CHICAGO - He was the most famous college athlete in the country, a superstar when college football was second only to baseball in the hearts of American sports fans. When Red Grange starred for the University of Illinois, the NFL was considered an afterthought, a minor league filled with teams not even at the caliber of the best college teams.
That changed when Grange signed with the Chicago Bears. Just weeks after his college career ended, and with a fresh, new $100,000 contract - back when many players made $100 a game - Grange made his professional debut for the Bears on November 26, 1925. He only gained 36 yards in a 0-0 tie against the crosstown Cardinals, but that didn't matter. The full crowds and unmatched anticipation for the game made Grange's huge contract more than worth it.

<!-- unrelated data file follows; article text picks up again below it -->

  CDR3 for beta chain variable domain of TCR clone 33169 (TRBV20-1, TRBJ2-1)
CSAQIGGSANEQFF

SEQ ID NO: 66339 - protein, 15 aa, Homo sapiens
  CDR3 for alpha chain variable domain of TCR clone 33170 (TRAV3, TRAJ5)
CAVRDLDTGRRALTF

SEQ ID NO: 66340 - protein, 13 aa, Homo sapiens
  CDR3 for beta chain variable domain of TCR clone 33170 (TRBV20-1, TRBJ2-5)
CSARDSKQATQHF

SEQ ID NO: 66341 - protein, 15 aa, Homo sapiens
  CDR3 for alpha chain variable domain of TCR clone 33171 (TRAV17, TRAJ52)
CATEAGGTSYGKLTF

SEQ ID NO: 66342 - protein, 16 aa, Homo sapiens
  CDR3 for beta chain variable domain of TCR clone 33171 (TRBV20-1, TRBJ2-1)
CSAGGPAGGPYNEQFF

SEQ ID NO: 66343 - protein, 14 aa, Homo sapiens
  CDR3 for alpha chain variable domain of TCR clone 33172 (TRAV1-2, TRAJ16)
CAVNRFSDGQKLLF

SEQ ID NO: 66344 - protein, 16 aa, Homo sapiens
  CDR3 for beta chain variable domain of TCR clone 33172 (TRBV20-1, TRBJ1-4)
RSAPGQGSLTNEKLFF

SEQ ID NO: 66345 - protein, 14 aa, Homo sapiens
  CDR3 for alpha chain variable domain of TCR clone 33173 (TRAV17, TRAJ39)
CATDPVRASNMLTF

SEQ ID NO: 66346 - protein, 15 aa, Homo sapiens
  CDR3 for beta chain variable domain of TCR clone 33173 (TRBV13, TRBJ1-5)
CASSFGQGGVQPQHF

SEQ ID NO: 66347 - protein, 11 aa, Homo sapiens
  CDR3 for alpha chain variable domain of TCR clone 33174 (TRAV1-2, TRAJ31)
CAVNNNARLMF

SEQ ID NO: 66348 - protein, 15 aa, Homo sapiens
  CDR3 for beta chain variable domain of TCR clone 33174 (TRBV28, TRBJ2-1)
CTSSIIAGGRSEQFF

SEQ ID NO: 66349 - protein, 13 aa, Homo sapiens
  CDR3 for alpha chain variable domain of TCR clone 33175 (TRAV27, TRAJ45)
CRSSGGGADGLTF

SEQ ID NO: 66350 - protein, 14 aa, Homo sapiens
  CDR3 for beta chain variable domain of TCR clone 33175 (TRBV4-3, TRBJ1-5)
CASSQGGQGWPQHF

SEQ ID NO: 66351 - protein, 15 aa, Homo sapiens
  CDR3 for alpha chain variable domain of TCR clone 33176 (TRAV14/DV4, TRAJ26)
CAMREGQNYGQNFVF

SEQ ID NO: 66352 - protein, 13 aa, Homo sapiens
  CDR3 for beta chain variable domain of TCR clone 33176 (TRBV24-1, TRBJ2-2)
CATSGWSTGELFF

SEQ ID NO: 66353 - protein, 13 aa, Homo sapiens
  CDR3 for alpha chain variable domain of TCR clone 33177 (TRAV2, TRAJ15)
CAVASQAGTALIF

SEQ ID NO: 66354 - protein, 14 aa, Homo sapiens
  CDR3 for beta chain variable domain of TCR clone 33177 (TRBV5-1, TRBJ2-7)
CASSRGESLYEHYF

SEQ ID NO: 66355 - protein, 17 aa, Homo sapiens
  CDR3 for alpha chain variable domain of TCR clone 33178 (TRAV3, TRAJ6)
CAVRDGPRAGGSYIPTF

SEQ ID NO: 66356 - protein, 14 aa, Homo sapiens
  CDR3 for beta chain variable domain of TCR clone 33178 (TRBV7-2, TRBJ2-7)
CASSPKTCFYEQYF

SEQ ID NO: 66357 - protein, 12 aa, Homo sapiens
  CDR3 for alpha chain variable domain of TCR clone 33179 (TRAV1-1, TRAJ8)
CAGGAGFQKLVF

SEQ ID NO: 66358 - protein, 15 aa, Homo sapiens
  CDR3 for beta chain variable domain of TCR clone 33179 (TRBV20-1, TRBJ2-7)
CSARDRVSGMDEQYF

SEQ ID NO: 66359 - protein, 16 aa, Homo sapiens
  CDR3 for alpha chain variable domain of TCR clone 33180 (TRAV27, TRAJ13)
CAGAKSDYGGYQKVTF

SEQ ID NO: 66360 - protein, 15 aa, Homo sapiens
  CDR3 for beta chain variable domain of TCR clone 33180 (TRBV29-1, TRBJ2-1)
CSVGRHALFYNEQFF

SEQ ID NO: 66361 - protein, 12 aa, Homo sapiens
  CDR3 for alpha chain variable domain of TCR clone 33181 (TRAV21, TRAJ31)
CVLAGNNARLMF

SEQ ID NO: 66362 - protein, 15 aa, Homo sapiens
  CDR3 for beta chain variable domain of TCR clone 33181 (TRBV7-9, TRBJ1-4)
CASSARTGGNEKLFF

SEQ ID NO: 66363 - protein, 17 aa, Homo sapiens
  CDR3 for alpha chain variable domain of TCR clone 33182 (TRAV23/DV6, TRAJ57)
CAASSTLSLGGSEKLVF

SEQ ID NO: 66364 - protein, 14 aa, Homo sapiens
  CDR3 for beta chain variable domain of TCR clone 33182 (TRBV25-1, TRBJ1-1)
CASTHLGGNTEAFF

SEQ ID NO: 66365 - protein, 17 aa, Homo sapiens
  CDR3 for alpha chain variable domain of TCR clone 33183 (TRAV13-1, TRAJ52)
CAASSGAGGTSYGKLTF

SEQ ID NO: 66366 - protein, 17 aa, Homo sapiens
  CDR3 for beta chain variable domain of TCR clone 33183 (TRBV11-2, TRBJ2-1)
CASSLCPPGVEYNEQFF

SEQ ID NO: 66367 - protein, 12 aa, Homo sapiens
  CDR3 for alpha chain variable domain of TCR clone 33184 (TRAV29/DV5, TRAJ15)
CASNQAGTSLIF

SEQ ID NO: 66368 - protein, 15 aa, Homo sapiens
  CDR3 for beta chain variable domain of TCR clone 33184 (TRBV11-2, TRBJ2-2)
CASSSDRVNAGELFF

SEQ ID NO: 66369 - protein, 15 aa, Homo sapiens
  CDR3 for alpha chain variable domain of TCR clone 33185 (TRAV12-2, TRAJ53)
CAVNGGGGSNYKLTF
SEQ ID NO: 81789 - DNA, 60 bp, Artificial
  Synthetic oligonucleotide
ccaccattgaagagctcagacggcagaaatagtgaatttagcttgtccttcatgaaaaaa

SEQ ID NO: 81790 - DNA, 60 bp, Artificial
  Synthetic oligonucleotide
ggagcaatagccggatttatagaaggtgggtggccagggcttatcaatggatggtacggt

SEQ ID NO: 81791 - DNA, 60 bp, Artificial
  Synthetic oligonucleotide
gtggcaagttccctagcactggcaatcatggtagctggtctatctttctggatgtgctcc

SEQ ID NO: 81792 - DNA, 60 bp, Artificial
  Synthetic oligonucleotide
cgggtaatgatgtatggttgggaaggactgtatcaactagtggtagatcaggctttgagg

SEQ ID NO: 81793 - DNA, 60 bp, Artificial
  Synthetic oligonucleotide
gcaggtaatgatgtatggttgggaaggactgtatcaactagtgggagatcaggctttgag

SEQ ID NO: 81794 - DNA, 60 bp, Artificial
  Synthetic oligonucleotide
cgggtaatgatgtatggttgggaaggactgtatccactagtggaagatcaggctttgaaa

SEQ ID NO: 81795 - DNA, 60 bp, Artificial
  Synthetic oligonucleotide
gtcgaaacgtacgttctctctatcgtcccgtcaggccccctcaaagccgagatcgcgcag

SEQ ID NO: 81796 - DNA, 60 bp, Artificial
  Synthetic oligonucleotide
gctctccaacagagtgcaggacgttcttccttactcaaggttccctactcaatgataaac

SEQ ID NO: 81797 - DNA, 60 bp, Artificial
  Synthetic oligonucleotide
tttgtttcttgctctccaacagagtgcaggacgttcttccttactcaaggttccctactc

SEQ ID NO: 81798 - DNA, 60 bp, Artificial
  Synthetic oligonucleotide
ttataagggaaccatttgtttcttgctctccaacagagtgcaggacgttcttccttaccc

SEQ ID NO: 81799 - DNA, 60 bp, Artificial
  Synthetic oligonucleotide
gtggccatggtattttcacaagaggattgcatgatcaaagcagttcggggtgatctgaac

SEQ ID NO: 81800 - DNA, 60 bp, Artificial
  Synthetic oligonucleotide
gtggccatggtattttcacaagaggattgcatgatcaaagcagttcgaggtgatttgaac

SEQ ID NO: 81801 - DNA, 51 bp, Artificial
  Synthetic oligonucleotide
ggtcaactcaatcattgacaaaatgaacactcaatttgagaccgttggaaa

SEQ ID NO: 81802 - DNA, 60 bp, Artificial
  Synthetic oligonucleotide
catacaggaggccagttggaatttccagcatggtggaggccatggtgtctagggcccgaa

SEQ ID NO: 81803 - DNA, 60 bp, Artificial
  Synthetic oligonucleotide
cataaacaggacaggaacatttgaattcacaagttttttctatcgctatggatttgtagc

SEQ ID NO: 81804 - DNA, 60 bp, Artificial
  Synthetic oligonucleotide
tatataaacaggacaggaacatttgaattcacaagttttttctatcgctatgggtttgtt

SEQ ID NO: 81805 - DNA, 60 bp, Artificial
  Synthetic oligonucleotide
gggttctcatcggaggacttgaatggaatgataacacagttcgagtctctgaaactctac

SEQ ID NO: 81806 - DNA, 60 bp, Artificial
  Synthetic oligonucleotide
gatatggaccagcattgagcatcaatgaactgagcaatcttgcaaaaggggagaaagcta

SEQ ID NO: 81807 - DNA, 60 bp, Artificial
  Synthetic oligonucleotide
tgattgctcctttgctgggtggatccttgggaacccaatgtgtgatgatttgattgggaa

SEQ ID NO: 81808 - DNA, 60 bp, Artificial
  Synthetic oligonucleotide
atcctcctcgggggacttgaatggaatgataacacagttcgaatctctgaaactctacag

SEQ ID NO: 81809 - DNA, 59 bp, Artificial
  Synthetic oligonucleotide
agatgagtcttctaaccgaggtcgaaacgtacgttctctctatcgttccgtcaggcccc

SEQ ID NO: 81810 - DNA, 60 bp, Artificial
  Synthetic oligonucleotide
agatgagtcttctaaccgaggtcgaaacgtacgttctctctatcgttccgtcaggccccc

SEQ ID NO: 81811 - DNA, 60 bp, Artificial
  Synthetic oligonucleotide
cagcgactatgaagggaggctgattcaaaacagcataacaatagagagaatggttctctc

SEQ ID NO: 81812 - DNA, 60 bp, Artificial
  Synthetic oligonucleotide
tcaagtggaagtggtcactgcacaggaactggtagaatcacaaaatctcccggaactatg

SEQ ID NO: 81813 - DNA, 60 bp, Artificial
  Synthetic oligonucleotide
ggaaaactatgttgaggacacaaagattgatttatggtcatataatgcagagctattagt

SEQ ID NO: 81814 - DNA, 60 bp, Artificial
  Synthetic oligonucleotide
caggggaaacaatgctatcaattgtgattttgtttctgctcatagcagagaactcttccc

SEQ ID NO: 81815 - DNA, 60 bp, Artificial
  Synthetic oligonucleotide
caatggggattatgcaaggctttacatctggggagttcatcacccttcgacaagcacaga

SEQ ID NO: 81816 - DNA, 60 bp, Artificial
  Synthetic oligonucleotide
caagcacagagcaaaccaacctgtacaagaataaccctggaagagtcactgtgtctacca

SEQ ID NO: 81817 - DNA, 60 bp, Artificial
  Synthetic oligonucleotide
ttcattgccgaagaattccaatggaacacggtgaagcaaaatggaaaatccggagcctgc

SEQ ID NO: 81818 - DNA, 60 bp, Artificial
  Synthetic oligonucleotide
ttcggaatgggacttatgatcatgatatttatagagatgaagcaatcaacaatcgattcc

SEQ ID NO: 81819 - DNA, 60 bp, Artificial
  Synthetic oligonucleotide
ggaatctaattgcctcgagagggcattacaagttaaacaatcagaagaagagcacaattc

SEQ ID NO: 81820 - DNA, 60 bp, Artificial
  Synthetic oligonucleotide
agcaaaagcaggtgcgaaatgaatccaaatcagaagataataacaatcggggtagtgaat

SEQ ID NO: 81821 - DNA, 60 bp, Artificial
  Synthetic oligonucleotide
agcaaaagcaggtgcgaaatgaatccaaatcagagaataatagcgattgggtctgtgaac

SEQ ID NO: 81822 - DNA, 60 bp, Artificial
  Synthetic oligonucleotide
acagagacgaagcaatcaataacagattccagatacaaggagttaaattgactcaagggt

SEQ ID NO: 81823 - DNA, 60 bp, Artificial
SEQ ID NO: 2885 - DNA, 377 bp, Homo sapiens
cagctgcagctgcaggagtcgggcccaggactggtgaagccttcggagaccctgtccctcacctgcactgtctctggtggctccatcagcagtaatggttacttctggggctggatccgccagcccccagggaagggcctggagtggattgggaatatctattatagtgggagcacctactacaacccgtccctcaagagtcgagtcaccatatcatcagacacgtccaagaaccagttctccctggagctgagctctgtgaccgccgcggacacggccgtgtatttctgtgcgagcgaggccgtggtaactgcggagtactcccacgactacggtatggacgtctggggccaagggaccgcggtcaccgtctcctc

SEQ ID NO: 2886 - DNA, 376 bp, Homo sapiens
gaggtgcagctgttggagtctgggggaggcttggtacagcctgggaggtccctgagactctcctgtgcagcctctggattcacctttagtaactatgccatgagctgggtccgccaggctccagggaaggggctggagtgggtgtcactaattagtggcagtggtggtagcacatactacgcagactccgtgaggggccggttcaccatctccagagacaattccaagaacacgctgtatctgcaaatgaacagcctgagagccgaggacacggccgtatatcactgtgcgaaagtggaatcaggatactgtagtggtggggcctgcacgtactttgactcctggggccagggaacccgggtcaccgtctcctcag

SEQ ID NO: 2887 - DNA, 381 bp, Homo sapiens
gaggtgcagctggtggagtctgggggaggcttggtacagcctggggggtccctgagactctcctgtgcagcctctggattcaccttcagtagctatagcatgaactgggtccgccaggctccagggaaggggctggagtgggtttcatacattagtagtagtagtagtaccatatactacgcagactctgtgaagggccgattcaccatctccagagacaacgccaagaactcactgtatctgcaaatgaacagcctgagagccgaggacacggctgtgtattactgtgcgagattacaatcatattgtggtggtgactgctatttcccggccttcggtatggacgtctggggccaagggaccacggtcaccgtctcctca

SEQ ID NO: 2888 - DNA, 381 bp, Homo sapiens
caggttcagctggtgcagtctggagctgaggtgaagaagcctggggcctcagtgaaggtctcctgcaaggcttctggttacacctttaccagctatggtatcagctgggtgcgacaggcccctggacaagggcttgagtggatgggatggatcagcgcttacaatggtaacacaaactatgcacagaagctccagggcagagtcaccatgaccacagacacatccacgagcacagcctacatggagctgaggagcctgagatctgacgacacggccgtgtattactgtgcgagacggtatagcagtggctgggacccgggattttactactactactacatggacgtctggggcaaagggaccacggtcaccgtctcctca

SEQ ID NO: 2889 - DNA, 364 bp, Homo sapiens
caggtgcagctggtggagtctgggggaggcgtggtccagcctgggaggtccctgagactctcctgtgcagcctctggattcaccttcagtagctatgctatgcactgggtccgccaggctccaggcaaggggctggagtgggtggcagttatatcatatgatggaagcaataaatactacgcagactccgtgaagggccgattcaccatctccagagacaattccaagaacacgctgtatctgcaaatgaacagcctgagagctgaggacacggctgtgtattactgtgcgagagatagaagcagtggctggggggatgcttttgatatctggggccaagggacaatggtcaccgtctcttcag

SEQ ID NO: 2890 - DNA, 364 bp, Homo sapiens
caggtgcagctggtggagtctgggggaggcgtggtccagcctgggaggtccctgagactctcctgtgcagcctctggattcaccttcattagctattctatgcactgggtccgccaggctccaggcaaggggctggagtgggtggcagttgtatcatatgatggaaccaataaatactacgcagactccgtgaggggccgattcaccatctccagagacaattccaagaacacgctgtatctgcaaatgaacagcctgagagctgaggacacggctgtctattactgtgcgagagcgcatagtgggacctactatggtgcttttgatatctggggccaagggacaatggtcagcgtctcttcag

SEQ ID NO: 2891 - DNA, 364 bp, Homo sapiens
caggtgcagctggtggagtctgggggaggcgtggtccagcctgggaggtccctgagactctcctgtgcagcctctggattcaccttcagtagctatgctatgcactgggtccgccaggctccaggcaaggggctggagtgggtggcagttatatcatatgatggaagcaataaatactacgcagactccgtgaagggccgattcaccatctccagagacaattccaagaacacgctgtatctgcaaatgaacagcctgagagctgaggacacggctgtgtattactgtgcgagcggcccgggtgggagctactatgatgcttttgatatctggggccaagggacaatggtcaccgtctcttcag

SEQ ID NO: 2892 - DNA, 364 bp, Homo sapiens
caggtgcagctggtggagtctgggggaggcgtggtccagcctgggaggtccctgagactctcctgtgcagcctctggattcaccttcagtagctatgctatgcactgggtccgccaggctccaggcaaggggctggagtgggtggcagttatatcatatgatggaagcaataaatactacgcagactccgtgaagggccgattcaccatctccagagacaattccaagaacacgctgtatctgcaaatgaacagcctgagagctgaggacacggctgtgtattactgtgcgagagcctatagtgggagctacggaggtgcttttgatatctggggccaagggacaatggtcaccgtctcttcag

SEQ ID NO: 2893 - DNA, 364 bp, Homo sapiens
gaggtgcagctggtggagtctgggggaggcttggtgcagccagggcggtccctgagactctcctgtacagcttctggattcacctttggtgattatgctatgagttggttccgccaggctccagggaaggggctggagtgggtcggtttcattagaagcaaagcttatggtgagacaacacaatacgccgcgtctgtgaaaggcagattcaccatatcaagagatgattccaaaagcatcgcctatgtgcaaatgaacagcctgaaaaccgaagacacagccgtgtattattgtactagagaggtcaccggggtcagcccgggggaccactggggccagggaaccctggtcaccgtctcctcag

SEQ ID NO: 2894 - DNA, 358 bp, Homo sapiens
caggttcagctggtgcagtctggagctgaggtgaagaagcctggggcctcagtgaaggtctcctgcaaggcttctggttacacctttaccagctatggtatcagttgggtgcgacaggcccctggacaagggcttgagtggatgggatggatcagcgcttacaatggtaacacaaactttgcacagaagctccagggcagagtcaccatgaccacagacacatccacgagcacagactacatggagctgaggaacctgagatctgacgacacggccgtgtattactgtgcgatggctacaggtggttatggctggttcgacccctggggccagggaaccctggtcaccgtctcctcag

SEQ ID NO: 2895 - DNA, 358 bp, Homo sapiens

The Galloping Ghost filled NFL stadiums wherever he went throughout the 1925 season. In his second game, more than 65,000 people showed up to the Polo Grounds to watch the Bears play the Giants. Grange scored a touchdown on an interception return and had 108 total yards in Chicago's 19-7 victory. The high attendance was credited with saving the Giants franchise, even if most of the crowd was there to see a member of the opposing team.
Grange's stats don't stand out when examined today, but his influence on the NFL was unquestioned. In his nine-year career, he filled stadiums everywhere he went. More than any other single player, Grange helped establish the league's popularity, helping an upstart league jump into the forefront in American sports.